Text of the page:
Here's a list of 15 albums Anthony slept on at the time of their release; it's about time he gives them the attention they deserve.
Is it year-end list time already?! Every year it seems the lists inch forward ever so slightly (because fuck December, right). But actually I'm jumping the gun just for the sake of scheduling and am gonna be quickly running through my ten favorite albums of the year now. Ten might not seem like much, but what do you expect from the cynical bastard who writes It Came from Bandcamp? At any rate, here's what I dug most this year and I hope you dig them at least a little bit too:
The Top 10
On Universal Themes, Mark Kozelek continues to seek fulfillment in the mundane details of everyday life through winding, tangential songwriting. As always, the sentimentality of the music may come off to some as corny, but after dozens of listens this remains one of the most powerful experiences I've had with a singer-songwriter album. A pity that it has been widely unsung just because Mark wouldn't let himself be bent over by the bratty press...
Even though I saw it coming from a mile away, I'm still salty about Anthony's Skid Row review that went up yesterday. Yeah, James always impresses as a conceptual artist, but you don't exactly have to be a gallery-goer to "get" what he's doing here in terms of composition. James does a masterful job of evoking the musical landscape of '80s & '90s LA, while also disrupting any nostalgia that may arise from that and conveying the smoggy, grimy, and chaotic state of modern LA via the off-kilter arrangements. The results are pretty catchy in their own right, too. I also find the deeper, more confident singing (almost spoken word) on this album to be a powerful change of pace coming off the vulnerable, pitchy crooning on NYC, Hell 3:00 AM, and the hazy production this time around is in clear juxtaposition to that album's icy instrumentals and soundscapes as well. So, James has once again produced an incredible album that evokes a strong sense of place and finds the beauty in our often times ugly reality.
Frozen Niagara Falls is the sound of Dominick Fernow grappling with romance and religion against the backdrop of a frostbitten urban hellscape. Spanning the extreme music spectrum from death industrial to harsh noise, this double-album can be described as easy listening only when compared to the sadomasochistic standard set by past works in Fernow and his power noise affiliates' discographies. I think it can also be described as a masterpiece.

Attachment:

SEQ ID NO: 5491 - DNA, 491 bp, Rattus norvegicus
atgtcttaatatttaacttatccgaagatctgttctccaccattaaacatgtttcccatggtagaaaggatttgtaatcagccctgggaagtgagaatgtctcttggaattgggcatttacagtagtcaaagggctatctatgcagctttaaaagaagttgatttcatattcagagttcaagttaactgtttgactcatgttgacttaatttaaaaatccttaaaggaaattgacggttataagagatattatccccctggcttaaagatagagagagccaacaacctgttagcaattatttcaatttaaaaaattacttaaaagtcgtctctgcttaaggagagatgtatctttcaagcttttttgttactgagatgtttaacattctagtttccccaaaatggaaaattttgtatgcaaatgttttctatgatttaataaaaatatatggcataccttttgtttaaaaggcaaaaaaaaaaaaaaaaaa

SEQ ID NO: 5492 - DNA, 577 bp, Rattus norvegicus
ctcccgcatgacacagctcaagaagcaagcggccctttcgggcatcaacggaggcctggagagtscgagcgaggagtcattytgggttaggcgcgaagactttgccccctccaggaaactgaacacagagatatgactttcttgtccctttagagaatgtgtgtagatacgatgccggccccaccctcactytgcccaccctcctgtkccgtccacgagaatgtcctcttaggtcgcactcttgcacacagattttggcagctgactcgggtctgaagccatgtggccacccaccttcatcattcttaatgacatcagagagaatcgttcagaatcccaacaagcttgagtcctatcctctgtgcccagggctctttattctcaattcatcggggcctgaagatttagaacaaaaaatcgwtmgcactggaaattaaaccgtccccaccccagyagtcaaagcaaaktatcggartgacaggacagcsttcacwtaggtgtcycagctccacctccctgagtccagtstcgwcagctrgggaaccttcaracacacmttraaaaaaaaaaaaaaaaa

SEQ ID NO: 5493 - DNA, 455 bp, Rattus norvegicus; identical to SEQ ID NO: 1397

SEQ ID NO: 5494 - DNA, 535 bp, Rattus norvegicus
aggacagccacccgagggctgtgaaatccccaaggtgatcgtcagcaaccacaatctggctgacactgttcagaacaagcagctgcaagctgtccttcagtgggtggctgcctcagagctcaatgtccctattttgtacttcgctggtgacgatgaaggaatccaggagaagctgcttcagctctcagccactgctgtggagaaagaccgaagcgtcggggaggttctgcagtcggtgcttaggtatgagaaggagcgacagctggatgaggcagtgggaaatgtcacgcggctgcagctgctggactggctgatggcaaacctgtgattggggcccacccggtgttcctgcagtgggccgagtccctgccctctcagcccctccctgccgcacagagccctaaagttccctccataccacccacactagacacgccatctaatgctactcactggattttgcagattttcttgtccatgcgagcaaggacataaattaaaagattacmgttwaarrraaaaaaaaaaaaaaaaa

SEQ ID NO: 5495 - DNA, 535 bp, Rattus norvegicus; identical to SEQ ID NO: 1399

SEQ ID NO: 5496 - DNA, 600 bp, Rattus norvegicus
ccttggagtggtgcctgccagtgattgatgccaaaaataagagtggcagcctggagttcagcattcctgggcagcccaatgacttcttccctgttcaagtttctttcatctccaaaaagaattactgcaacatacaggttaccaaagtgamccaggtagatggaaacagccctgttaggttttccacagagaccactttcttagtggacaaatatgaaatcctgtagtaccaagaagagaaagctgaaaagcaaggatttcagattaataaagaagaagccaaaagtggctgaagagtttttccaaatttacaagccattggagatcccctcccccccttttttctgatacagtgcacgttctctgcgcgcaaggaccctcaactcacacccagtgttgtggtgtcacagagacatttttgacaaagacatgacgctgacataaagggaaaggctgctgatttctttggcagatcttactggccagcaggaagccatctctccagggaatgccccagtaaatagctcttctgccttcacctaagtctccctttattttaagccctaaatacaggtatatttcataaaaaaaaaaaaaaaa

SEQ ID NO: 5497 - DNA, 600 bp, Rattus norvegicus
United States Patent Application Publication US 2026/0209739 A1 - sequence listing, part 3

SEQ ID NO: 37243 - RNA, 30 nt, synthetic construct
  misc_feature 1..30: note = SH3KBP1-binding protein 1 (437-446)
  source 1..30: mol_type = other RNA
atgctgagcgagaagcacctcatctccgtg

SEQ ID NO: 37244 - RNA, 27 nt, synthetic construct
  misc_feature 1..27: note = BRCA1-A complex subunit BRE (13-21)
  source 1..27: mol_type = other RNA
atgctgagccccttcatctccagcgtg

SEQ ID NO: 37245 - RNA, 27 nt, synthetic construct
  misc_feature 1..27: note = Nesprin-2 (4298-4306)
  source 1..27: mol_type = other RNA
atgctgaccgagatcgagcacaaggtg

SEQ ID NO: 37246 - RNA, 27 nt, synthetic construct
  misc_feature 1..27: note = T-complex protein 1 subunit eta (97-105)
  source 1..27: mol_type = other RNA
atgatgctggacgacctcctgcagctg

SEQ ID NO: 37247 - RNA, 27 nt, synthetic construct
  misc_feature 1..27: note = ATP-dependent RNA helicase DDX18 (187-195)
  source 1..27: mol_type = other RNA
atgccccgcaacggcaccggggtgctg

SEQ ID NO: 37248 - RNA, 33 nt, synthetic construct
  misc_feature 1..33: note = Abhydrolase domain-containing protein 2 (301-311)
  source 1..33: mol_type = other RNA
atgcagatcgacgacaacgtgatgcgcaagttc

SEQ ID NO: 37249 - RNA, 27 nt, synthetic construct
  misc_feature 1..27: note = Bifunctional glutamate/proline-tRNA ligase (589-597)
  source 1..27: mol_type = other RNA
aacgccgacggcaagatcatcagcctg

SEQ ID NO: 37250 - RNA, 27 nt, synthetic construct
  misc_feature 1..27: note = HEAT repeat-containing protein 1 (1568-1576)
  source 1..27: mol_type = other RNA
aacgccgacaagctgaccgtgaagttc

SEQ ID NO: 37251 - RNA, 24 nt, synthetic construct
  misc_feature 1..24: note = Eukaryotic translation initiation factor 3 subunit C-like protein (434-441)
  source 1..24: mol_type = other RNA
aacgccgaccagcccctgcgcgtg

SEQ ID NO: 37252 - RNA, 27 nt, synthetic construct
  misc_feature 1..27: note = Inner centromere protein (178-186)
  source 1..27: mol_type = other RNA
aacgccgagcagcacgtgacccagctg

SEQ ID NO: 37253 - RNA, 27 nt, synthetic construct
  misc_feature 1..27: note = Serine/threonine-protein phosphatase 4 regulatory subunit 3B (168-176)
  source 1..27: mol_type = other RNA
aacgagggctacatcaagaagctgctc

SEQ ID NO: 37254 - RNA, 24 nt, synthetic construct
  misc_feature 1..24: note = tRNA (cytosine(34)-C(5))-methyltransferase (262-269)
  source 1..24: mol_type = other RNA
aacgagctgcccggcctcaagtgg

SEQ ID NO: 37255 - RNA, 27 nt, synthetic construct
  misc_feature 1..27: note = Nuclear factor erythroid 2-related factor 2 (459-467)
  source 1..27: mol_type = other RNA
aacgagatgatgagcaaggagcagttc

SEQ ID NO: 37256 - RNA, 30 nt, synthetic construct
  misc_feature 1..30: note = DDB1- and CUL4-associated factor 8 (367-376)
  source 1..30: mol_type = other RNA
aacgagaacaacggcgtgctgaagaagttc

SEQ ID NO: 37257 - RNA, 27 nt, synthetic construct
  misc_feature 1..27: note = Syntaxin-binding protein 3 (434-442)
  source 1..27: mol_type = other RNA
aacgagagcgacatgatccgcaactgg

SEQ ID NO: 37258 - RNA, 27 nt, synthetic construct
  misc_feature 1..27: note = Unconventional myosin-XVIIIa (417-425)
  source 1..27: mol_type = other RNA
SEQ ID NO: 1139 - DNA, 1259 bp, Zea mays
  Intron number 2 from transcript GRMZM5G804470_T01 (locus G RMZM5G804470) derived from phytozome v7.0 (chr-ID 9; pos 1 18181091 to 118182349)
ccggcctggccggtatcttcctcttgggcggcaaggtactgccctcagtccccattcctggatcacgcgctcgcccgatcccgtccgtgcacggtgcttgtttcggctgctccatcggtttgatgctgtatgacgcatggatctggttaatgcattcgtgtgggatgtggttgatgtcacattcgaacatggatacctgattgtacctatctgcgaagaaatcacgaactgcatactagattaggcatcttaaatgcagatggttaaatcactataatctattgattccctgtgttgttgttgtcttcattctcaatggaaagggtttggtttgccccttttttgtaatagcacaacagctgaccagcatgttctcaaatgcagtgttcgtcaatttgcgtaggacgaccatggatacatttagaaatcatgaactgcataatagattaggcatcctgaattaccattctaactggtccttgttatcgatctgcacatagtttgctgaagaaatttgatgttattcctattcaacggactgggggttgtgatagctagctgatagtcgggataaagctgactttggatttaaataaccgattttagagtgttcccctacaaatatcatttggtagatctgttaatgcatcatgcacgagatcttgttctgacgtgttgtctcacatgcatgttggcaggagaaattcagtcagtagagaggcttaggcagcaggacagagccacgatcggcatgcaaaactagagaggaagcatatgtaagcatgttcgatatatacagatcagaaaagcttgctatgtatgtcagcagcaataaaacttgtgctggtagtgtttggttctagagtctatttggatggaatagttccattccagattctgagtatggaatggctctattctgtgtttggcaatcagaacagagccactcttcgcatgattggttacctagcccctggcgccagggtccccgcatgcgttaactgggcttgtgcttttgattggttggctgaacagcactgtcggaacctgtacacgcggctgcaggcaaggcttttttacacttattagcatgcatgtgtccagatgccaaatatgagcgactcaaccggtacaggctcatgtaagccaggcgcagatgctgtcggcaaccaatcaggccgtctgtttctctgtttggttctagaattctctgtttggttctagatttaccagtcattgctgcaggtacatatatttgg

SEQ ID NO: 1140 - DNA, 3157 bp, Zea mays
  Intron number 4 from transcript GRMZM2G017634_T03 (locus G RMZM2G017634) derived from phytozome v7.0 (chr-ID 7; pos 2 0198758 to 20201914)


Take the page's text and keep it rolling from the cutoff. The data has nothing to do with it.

If you make it through the subdued intro of Amorphous Spores, you will be rewarded with some of the most mind-bending EAI to be crafted in years. The marriage of Kawaguchi's homemade instruments and Kawasaki's electronics has resulted in something playful and seriously far out, at least to my ears.
In Light of Shadows is a beautiful and meditative work of laptop electronics from distinguished free improviser Ikue Mori. A great chill-out album, it is without a doubt my most enjoyed Tzadik release of the year and is gradually becoming my favorite in Ikue's discography.
Making the Björk birthday playlist a week ago sort of got me back in the mood for this album. Vulnicura is certainly her most harrowing and heartbreaking project to date and under the right conditions it actually does strike me as her most potent work. I don't picture myself listening to it as frequently as the rest of her catalog, but my heart will probably skip a beat here and there whenever I do.
I found Replica and R Plus Seven to be moving albums in their own right, but never did I expect to call the abstract electronic stylings of Oneohtrix Point Never "visceral," let alone "angsty." Garden of Delete really has teeth, though! Much respect to Daniel for making such a forceful statement this time around.
American Drift’s progressive crunk and digital cumbia soundscapes drew me in immediately, as did its admirable transevangelical concept.
Zamknęły się oczy ziemi is the second and last album by genre-defying singer-songwriter Kuba Ziołek under the name Stara Rzeka. An 80-minute concoction of avant-folk, krautrock, drone, and just a pinch of black metal, it's one hell of a closing chapter. This truly is the year of the double and triple album.
This glitch-metal opus from Hunter Hunt-Hendrix and co. seared itself into my brain in the first leg of the year. The non-stop transcendence burnt me out a bit, but still, The Ark Work is a stellar and wholly unique dose of maximalism.
And there you have it: 2015 in a nutshell, as far as I care. Thanks for reading! <3